Republicans Claim Bill Protecting Mueller Is Unconstitutional. A Constitutional Scholar Explains Why They’re Wrong.


Visiting Professor Corey Brettschneider wrote an op-ed for NBC News regarding The Special Counsel and Integrity Act, a bill that would protect special counsel Robert Mueller and the Trump-Russia investigation.

Mere hours after Democrats retook the House, President Donald Trump announced the resignation of Attorney General Jeff Sessions and the appointment of Matthew Whitaker as the acting attorney general. Whitaker, formerly the Department of Justice’s chief of staff, has expressed skepticism about special prosecutor Robert Mueller’s probe, leading to renewed concerns that Mueller’s job is in jeopardy.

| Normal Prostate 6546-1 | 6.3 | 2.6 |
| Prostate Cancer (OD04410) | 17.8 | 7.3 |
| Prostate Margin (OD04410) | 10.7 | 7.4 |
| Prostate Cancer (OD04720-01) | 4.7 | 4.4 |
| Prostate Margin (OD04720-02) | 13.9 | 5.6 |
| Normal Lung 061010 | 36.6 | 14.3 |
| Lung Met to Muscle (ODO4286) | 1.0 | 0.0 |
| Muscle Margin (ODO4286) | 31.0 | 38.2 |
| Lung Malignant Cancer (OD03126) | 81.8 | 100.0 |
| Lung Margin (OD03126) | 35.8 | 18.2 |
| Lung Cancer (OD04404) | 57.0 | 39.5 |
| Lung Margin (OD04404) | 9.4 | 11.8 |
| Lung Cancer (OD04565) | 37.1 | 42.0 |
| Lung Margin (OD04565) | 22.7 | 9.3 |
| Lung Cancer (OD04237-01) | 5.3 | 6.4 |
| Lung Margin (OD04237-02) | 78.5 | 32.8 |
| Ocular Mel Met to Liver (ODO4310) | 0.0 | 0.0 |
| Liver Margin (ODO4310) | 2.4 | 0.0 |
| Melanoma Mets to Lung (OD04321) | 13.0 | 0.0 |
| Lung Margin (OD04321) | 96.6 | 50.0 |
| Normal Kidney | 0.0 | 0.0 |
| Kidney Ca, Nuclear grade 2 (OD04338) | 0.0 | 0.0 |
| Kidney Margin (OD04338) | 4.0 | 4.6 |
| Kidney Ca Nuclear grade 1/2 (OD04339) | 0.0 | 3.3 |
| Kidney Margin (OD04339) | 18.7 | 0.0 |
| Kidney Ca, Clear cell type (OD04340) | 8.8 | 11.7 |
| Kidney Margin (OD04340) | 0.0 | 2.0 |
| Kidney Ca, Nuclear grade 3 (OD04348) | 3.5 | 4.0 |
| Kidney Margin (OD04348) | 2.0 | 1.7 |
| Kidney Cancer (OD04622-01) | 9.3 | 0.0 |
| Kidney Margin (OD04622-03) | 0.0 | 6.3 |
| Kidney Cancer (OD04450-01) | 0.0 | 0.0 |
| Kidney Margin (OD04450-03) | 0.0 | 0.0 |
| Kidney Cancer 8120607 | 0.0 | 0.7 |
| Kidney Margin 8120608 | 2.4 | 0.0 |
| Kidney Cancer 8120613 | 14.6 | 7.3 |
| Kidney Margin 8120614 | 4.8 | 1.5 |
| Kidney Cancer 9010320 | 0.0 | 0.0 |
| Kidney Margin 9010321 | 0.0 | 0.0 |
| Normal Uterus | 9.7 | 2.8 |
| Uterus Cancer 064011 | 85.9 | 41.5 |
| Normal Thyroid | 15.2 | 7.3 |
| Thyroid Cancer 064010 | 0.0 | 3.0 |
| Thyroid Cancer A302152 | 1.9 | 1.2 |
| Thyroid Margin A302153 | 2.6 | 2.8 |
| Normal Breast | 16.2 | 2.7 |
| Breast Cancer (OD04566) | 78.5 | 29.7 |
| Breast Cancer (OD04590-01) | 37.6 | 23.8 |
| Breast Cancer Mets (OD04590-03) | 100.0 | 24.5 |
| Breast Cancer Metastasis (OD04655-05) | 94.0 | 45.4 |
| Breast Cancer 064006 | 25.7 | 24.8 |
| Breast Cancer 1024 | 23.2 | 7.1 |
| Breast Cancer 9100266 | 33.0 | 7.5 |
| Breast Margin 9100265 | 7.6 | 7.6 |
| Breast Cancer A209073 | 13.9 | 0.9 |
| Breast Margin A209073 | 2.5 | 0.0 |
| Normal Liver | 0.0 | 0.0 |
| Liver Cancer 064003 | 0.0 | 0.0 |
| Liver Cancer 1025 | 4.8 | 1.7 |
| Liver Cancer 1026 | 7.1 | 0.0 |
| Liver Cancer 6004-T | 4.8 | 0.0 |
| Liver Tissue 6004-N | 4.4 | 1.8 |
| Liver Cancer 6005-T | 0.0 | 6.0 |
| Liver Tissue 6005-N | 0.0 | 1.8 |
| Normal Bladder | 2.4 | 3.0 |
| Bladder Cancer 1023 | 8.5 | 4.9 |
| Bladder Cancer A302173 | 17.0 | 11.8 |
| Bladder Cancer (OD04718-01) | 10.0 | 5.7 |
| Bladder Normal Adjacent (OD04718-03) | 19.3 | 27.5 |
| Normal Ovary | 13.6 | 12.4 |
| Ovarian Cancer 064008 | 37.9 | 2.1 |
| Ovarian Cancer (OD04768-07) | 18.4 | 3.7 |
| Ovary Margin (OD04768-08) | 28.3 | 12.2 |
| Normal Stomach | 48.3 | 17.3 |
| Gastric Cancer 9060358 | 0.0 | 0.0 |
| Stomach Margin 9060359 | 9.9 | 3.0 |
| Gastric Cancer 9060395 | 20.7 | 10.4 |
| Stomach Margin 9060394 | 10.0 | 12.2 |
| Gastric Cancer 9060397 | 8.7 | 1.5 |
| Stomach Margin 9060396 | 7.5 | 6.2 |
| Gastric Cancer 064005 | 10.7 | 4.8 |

Given the available information, these concerns seem justified. But there is a solution: The Senate urgently needs to pass a bipartisan bill that cleared the Senate Judiciary Committee in April. The bill, The Special Counsel and Integrity Act, would protect Mueller and his vital investigation from executive meddling.


Republican opponents of the bill suggest it might be unconstitutional. That is mistaken.

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